formally issue the writ.) In Nixon v. Sirica, 487 F.2d 700 (D.C. Cir. 1973), the Court read Mississippi v. Johnson to mean merely that the President could not be enjoined to "coerce a discretionary, as opposed to ministerial, act of the Executive." Id. at 712 n.53. Nor does Franklin v. Massachusetts, 505 U.S. 788 (1992) support Respondents' position. In that case, the Court merely raised a question as to the judiciary's authority to issue an injunction against the President, without deciding the issue. See id. at 80203 (O'Connor, J. for the plurality). Respondents rely on dicta in Justice Scalia's concurrence, in which no other Justice joined, as to the reviewability of Presidential acts. This is certainly not controlling authority. In fact, no authority Respondents cite bars Petitioner from naming the President as a proper respondent. The Supreme Court, in Rumsfeld v. Padilla, 542 U.S. 426 (2004), left open the issue of whether individuals higher up on the chain of command are proper respondents when the Petitioner is an alien, as is the case with the present Petitioner, Mr. Al-Shimrani, a Sauid national. See id. at 436 n. 8 (citing Ahrens v. Clark, 335 U.S. 188 (1948)). Al- Marri v. Rumsfeld, 360 F.3d 707 (7th Cir. 2004), on which Respondents also rely, was decided by the Seventh Circuit before the Supreme Court's decisions in Boumediene and Rasul, and it is questionable whether al- Marri continues to be viable in light of those decisions. In al-Marri, the Seventh Circuit ruled that only the immediate custodians were proper respondents in that case, "rather than the Director of the Bureau of Prisons, the Secretary of the Navy, the Chairman of the Joint Chiefs of Staff, the Attorney General, the Secretary of Defense, or the President." 360 F.3d at 70809 (emphasis added). If the Secretary of Defense is a proper respondent here, as Respondents contend, then the President should be a proper respondent as well.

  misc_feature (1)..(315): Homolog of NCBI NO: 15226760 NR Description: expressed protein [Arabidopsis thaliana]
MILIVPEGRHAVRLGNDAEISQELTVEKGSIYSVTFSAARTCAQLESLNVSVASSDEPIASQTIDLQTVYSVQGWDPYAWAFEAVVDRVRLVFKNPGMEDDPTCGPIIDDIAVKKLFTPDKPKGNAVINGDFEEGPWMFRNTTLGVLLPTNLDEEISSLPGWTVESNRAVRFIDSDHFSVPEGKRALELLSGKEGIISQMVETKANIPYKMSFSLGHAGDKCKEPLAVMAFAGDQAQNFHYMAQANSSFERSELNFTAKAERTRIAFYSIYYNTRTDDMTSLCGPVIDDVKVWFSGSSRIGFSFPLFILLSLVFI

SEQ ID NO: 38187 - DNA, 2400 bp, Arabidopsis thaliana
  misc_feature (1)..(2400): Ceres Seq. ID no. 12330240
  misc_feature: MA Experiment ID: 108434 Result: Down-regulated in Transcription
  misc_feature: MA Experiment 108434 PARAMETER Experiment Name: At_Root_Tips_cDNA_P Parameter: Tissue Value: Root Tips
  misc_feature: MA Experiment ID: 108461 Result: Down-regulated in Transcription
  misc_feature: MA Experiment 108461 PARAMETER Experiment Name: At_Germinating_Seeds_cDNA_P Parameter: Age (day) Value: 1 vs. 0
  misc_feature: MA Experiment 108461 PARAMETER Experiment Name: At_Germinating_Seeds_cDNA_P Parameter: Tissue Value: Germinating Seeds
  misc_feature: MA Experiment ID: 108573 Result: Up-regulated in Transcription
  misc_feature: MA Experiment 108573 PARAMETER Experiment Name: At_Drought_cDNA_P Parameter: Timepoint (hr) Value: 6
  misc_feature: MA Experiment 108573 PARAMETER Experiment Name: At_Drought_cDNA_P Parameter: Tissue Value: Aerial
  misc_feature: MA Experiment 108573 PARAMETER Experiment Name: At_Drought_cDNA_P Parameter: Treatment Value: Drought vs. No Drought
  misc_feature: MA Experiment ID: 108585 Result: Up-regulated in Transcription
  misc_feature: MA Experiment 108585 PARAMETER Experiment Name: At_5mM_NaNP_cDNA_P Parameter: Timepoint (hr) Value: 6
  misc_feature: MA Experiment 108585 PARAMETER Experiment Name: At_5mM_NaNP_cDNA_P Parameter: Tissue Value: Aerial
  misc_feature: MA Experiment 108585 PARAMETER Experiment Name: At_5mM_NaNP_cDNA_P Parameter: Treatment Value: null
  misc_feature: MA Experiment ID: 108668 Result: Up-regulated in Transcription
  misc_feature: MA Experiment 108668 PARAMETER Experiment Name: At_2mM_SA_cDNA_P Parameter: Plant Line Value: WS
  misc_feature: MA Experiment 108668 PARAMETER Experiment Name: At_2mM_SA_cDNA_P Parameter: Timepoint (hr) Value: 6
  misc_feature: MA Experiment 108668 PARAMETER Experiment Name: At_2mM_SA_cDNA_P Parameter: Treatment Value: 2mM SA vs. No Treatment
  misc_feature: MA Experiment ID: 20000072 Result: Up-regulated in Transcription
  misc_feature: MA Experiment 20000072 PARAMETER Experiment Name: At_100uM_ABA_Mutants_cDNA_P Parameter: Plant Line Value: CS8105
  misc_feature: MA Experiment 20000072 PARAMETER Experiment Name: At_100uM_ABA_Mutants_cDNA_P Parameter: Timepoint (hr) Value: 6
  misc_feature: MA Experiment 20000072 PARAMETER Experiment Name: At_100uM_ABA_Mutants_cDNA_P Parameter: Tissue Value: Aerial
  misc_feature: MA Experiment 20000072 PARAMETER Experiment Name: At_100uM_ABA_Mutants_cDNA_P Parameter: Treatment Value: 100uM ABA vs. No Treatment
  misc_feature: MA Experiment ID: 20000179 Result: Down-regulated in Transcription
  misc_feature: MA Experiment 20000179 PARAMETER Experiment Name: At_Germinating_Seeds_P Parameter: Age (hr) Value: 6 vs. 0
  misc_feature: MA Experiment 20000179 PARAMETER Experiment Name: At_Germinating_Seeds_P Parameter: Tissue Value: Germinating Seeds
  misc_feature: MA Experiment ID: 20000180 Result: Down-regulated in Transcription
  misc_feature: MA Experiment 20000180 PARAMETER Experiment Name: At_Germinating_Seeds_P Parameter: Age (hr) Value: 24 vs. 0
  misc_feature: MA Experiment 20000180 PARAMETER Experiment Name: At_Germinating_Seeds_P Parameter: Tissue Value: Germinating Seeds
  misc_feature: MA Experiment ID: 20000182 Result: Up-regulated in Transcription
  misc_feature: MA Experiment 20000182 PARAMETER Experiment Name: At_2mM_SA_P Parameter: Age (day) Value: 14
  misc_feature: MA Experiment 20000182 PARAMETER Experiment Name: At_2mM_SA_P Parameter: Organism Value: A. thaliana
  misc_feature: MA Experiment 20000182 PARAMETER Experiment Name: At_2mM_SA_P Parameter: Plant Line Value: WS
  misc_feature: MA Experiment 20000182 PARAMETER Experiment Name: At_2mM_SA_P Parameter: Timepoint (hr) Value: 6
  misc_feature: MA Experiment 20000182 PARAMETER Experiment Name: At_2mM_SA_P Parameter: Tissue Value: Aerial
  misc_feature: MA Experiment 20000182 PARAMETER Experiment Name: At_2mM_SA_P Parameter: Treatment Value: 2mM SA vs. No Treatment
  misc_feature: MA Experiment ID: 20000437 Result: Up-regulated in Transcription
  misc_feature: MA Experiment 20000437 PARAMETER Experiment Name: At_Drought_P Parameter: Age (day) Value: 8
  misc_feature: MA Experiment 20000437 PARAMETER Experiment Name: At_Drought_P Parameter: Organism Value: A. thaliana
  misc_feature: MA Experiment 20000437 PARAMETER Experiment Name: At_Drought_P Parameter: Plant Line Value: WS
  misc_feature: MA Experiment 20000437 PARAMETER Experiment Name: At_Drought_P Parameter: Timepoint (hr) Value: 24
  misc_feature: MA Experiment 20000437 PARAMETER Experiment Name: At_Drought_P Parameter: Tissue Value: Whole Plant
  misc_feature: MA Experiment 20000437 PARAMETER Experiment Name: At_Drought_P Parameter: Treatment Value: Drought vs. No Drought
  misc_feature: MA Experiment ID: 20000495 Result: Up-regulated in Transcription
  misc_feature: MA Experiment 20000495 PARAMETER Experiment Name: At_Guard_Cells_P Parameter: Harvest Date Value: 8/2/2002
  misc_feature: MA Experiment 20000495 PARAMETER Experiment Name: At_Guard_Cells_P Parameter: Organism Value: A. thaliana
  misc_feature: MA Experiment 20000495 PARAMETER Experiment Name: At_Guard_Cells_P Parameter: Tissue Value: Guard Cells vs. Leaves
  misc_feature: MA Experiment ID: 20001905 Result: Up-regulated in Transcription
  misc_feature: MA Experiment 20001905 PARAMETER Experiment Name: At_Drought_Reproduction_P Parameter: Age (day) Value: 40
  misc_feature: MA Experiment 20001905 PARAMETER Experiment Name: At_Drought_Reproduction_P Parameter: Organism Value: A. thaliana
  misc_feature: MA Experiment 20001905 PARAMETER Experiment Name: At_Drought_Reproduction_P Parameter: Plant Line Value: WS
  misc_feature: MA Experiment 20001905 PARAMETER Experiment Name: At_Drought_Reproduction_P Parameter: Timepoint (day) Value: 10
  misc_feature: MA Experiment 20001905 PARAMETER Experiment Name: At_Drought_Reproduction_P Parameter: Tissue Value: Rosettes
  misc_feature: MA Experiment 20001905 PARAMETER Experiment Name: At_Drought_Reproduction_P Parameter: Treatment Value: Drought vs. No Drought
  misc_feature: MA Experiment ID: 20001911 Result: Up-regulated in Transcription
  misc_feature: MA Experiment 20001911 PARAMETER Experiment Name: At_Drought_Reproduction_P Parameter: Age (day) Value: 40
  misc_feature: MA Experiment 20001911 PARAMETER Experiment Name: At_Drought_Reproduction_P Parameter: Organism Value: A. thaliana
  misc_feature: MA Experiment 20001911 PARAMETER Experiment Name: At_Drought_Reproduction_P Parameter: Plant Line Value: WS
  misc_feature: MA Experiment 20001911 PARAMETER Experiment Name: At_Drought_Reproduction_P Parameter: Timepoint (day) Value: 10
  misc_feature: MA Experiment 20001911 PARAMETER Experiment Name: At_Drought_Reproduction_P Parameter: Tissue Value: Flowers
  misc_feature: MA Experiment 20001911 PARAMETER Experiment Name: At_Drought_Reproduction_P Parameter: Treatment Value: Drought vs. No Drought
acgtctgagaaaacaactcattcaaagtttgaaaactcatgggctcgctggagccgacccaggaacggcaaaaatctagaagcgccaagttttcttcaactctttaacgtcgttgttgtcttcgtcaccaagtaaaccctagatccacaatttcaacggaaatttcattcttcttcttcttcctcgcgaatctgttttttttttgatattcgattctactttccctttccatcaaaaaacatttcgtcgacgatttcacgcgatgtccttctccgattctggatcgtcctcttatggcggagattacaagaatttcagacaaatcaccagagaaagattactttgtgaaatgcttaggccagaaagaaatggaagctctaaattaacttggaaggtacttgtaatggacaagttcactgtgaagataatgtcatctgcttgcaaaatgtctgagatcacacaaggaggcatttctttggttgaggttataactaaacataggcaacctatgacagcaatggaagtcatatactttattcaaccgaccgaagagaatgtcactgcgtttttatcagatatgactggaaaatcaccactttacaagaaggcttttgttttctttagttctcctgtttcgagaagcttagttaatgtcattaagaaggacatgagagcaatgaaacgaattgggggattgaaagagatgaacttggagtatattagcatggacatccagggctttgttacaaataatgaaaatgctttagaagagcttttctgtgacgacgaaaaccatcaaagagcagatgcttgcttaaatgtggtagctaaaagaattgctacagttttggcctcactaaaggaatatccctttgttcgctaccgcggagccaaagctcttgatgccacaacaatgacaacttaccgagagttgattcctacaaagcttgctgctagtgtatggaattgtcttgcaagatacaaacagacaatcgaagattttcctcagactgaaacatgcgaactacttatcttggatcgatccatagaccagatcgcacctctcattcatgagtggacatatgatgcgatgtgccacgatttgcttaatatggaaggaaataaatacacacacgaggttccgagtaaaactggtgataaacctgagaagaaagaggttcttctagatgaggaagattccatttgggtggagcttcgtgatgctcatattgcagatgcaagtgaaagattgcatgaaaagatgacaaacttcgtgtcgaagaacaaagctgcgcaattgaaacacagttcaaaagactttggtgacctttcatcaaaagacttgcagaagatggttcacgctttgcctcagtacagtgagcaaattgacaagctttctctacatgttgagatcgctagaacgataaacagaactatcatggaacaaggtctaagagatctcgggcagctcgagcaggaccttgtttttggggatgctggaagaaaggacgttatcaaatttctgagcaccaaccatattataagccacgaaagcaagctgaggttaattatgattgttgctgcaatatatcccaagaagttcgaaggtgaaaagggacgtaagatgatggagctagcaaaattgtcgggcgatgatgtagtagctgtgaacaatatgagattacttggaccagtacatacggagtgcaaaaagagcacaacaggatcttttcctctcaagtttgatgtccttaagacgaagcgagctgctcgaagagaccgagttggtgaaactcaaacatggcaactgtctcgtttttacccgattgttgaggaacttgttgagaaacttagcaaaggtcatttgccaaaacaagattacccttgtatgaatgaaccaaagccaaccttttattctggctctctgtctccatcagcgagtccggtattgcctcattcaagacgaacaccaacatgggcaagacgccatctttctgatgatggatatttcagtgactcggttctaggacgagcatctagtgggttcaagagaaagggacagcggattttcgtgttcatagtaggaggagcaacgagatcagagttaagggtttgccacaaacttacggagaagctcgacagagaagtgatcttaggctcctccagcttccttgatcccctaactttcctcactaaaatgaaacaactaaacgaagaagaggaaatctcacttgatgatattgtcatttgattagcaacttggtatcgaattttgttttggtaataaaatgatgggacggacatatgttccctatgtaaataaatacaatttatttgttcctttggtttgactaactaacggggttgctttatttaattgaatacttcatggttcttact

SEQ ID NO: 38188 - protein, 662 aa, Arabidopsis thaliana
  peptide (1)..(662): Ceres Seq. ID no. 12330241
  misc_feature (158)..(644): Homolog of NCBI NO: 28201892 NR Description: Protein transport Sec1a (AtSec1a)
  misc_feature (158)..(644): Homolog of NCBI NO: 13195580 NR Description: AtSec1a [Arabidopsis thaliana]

The President is also a proper respondent here because Respondents assert that Mr. AlShimrani is being held pursuant to the exercise of the President's executive power. Respondents have repeatedly claimed that the authority to detain those deemed enemy combatants at Guantánamo Bay arises from the President's Article II powers, and the President's authority to use all necessary and appropriate force under the Authorization for Use of Military Force, Pub. L. No. 107-40, 115 Stat. 224 (2001). See Padilla, 542 U.S. at 431 (2004) ("[T]he President issued an order to Secretary of Defense Donald H. Rumsfeld designating Padilla an `enemy combatant' and directing the Secretary to detain him in military custody. In support of this action, the President invoked his authority as `Commander in Chief of the U. S. armed forces' and the Authorization for Use of Military Force Joint Resolution.")(citations omitted)(agreeing with the government's argument that an enemy combatant "is being detained `pursuant to an Act of Congress'--the AUMF."). Given that the Executive purports to hold Petitioner pursuant to inherent Article II power, the President is an appropriate party. Moreover, if the President is dismissed, then the government may try to evade this Court's authority simply by transferring Petitioner from the custody of the Department of Defense (DoD) to that of the Central Intelligence Agency (CIA), the Department of Justice (DoJ), or other agencies unknown to Petitioner, as it has done in the past. 1 Respondents take the position that they have unfettered discretion to transfer men imprisoned at Guantanamo from Indeed, it is well-documented that the government has already done so with Petitioners similar to Mr. Al-Shimrani. Al-Marri was transferred from criminal confinement under indictment by the Department of Justice to military confinement under the Department of Defense. Al-Marri v. Pucciarelli, 534 F.3d 213, 2008 WL 2736787, at 3-4 (4th Cir., July 15, 2008). Padilla, after several years in military confinement, was transferred the other way, from Department of Defense confinement to confinement under the Department of Justice. Padilla v. Hanft, 432 F.2d 582 (4th Cir. 2005), reversed 546 U.S. 1084 (2006).